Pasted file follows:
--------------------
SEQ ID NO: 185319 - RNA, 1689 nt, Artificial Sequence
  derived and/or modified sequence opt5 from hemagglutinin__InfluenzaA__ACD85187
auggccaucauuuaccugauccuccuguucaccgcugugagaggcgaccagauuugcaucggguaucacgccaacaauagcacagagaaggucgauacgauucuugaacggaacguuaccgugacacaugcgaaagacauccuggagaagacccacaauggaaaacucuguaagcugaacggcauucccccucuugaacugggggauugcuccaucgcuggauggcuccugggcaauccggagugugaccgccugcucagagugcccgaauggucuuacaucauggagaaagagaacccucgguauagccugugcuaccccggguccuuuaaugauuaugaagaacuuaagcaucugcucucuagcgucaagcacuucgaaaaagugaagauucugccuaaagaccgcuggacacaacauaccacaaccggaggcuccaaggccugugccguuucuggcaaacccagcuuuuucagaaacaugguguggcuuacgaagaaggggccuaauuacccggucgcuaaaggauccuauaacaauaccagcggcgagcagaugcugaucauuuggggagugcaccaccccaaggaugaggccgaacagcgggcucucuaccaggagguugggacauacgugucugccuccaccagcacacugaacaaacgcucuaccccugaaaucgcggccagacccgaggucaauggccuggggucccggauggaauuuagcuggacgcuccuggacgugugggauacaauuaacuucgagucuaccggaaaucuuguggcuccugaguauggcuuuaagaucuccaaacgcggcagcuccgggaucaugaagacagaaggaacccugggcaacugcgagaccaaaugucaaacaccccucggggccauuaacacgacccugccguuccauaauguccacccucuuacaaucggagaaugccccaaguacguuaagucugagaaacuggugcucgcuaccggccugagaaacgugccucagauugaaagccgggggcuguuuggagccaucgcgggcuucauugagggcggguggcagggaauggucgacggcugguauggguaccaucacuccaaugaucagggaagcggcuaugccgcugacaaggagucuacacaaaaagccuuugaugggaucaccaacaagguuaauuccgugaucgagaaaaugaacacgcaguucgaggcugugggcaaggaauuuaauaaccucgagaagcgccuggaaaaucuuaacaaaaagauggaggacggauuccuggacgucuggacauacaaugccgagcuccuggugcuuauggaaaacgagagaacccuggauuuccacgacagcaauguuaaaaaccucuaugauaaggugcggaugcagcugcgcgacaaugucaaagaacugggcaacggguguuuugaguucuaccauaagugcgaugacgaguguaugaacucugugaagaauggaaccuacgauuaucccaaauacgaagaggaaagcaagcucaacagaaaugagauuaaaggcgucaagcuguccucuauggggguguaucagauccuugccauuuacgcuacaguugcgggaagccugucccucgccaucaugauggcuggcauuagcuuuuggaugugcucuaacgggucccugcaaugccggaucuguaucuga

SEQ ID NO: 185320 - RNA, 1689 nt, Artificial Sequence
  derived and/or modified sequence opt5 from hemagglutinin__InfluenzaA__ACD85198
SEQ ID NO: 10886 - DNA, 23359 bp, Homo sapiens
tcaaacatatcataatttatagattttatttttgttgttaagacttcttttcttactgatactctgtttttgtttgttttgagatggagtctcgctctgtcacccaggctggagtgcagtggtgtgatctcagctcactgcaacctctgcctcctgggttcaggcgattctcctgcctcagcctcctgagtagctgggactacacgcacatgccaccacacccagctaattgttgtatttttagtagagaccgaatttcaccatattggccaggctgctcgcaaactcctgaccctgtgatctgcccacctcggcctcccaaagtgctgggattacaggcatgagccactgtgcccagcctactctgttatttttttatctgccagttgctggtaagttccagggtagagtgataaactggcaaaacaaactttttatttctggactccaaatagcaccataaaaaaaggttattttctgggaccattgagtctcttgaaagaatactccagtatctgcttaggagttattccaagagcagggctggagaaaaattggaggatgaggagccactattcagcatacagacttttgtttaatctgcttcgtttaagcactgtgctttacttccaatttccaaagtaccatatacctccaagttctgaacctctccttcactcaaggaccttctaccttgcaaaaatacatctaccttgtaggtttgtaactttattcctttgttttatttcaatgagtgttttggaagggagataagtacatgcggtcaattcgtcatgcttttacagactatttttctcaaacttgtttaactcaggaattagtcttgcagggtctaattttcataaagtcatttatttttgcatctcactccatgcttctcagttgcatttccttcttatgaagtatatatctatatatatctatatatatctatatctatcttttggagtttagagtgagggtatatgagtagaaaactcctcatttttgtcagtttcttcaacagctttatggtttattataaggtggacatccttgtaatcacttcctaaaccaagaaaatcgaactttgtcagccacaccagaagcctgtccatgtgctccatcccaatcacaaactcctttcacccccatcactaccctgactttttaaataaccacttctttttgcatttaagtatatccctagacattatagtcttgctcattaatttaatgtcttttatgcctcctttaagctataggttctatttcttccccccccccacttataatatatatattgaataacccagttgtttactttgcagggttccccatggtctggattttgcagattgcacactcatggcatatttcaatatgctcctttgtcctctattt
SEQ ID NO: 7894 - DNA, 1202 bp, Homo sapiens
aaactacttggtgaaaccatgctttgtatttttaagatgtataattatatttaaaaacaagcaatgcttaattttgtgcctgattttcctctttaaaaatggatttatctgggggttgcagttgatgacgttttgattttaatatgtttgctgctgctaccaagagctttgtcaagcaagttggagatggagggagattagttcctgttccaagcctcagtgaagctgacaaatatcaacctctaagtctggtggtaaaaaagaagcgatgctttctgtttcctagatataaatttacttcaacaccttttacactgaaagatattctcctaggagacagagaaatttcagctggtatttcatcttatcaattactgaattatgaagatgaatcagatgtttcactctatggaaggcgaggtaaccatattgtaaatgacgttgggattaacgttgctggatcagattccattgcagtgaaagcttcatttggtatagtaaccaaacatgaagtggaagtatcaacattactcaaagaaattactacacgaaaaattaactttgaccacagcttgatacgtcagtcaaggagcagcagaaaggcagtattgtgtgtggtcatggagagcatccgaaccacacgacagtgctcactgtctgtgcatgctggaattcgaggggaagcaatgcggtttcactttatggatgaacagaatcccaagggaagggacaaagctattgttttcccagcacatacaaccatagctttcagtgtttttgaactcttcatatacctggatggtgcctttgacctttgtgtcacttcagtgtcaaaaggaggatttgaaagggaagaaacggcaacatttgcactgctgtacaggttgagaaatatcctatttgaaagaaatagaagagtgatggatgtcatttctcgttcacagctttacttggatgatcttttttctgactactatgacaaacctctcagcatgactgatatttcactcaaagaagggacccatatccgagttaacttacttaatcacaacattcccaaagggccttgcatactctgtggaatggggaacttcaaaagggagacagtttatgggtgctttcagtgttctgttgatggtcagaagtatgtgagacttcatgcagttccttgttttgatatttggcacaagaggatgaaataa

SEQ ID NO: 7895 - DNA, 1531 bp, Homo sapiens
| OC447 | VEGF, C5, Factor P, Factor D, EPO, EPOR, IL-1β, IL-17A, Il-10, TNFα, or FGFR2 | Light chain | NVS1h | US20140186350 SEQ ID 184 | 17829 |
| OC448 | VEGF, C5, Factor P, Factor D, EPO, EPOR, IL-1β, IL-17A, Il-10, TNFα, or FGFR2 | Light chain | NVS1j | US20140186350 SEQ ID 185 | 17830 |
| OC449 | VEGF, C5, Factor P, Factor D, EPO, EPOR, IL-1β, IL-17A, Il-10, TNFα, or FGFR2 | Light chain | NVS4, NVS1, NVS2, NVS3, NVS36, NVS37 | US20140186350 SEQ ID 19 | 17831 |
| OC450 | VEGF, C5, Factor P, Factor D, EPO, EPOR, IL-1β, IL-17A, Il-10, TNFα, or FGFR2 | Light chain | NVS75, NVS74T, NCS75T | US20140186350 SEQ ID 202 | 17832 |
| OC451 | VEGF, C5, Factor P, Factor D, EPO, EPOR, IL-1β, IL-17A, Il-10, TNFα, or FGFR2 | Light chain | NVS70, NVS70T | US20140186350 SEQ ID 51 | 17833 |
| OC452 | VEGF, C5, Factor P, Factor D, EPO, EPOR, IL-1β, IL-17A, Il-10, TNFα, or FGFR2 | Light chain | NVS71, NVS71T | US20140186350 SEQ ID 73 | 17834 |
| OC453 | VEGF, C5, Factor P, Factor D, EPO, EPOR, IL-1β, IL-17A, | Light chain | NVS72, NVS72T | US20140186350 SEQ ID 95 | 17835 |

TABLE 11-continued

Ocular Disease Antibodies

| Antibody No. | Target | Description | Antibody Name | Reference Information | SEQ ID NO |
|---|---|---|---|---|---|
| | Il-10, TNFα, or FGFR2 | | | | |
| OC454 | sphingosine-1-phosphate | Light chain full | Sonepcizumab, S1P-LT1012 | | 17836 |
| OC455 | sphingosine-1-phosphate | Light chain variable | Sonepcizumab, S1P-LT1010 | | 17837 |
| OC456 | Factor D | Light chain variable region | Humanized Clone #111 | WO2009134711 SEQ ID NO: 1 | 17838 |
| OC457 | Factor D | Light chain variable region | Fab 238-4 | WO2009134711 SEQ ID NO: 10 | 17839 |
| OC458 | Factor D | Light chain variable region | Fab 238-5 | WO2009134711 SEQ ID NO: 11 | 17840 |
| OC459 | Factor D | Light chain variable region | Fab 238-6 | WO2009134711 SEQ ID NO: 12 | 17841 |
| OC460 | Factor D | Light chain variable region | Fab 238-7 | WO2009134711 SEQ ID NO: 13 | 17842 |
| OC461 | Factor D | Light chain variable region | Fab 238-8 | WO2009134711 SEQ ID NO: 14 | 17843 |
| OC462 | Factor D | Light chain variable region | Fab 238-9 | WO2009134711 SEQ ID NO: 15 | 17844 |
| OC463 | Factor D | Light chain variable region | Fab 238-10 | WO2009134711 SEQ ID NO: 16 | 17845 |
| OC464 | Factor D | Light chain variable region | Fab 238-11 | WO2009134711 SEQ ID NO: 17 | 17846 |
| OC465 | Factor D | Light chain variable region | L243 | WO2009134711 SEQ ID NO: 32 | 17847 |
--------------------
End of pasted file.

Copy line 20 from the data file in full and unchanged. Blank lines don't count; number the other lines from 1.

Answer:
| Antibody No. | Target | Description | Antibody Name | Reference Information | SEQ ID NO |